2.      Garment technologist

You may not have even heard of a garment technologist, but they are in demand in the world of fashion. This role is largely about quality control and investigative work with regards to the materials that are used to create fashion pieces. The main role of these individuals is to work on design and development of new materials. Through testing new combinations of materials and fibres, people in this role look to find the best type of fabric for what’s to be made. These people work closely with designers, pattern graders and buying teams to find the right type of fabric for what’s to be made.

Another part of this job is to improve production techniques and help the company become more efficient.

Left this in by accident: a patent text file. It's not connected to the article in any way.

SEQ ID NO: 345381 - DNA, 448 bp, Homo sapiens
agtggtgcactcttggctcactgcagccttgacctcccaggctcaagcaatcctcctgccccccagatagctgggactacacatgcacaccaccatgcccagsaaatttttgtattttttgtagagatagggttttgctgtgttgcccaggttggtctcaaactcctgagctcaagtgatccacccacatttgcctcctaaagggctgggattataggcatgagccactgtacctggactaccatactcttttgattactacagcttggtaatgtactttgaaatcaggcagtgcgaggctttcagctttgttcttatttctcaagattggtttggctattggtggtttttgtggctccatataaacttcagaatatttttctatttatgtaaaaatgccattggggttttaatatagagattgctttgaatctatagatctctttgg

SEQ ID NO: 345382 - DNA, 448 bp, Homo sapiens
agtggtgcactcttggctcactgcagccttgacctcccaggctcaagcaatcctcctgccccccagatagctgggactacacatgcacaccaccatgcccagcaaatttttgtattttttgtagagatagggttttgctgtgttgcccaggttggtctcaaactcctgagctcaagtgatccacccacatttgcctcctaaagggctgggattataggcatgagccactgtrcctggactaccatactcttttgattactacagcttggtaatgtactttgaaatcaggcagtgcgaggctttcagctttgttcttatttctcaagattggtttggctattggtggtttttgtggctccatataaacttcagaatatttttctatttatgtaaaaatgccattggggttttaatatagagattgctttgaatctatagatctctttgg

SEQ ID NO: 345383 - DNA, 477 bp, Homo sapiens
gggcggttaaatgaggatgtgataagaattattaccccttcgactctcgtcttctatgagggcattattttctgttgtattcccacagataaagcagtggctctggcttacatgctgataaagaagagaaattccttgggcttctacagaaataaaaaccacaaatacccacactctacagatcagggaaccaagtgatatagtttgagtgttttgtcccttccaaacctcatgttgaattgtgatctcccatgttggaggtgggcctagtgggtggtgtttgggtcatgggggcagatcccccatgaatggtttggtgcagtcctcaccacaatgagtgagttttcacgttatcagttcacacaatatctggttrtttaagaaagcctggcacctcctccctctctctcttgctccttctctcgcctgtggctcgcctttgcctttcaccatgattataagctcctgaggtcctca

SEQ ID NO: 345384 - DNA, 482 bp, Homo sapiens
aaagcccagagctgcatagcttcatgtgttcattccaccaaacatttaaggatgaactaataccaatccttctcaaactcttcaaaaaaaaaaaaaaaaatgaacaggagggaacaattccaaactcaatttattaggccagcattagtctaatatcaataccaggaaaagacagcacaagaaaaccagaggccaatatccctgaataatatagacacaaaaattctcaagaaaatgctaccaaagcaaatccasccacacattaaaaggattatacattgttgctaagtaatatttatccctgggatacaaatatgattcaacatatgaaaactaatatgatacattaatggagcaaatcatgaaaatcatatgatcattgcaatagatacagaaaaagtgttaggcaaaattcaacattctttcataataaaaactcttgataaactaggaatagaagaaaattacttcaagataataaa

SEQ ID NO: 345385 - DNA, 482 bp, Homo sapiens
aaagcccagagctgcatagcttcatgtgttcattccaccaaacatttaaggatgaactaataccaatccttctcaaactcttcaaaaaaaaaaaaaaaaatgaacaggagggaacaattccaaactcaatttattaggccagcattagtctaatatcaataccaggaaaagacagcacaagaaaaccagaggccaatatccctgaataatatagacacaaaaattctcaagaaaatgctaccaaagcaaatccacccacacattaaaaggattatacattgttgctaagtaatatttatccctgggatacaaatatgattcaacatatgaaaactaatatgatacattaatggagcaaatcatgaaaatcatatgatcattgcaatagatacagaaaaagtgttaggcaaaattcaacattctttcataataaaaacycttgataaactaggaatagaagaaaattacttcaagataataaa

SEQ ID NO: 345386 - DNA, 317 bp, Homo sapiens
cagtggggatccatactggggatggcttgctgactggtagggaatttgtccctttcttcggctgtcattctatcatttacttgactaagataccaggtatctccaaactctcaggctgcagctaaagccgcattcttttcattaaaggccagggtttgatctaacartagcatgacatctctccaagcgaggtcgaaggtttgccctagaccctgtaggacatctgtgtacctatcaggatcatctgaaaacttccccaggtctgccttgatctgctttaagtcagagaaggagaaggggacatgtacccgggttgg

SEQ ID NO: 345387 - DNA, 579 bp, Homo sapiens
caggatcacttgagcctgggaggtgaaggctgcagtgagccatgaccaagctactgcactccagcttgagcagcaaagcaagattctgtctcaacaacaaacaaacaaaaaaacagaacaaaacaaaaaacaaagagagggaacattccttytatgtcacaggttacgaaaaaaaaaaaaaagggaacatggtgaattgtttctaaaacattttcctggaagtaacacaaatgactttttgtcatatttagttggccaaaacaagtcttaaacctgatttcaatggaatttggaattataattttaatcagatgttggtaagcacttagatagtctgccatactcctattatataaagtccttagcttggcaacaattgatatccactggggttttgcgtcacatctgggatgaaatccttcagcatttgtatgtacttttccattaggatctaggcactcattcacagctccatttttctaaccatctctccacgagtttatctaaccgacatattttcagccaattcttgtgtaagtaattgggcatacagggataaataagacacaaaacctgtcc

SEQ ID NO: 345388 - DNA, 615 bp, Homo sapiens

Your job will also involve ensuring that production runs as smoothly and efficiently as possible. This might be to do with price, and would involve liaising with buyers and suppliers to negotiate a cost that’s within the budget of the project. Or, they might be looking to make the company more sustainable, and therefore the technologist would investigate the production of the fabrics. You’ll need to be aware of the textiles and manufacturing process and have an interest in the creative work that goes into clothing production. Employers may also expect you to have a degree in a related topic, such as garment technology and production, or you may complete a module around this as part of a wider subject. Or, look out for apprenticeship schemes and junior roles, where you can work your way up to this role.

3.      Fashion journalist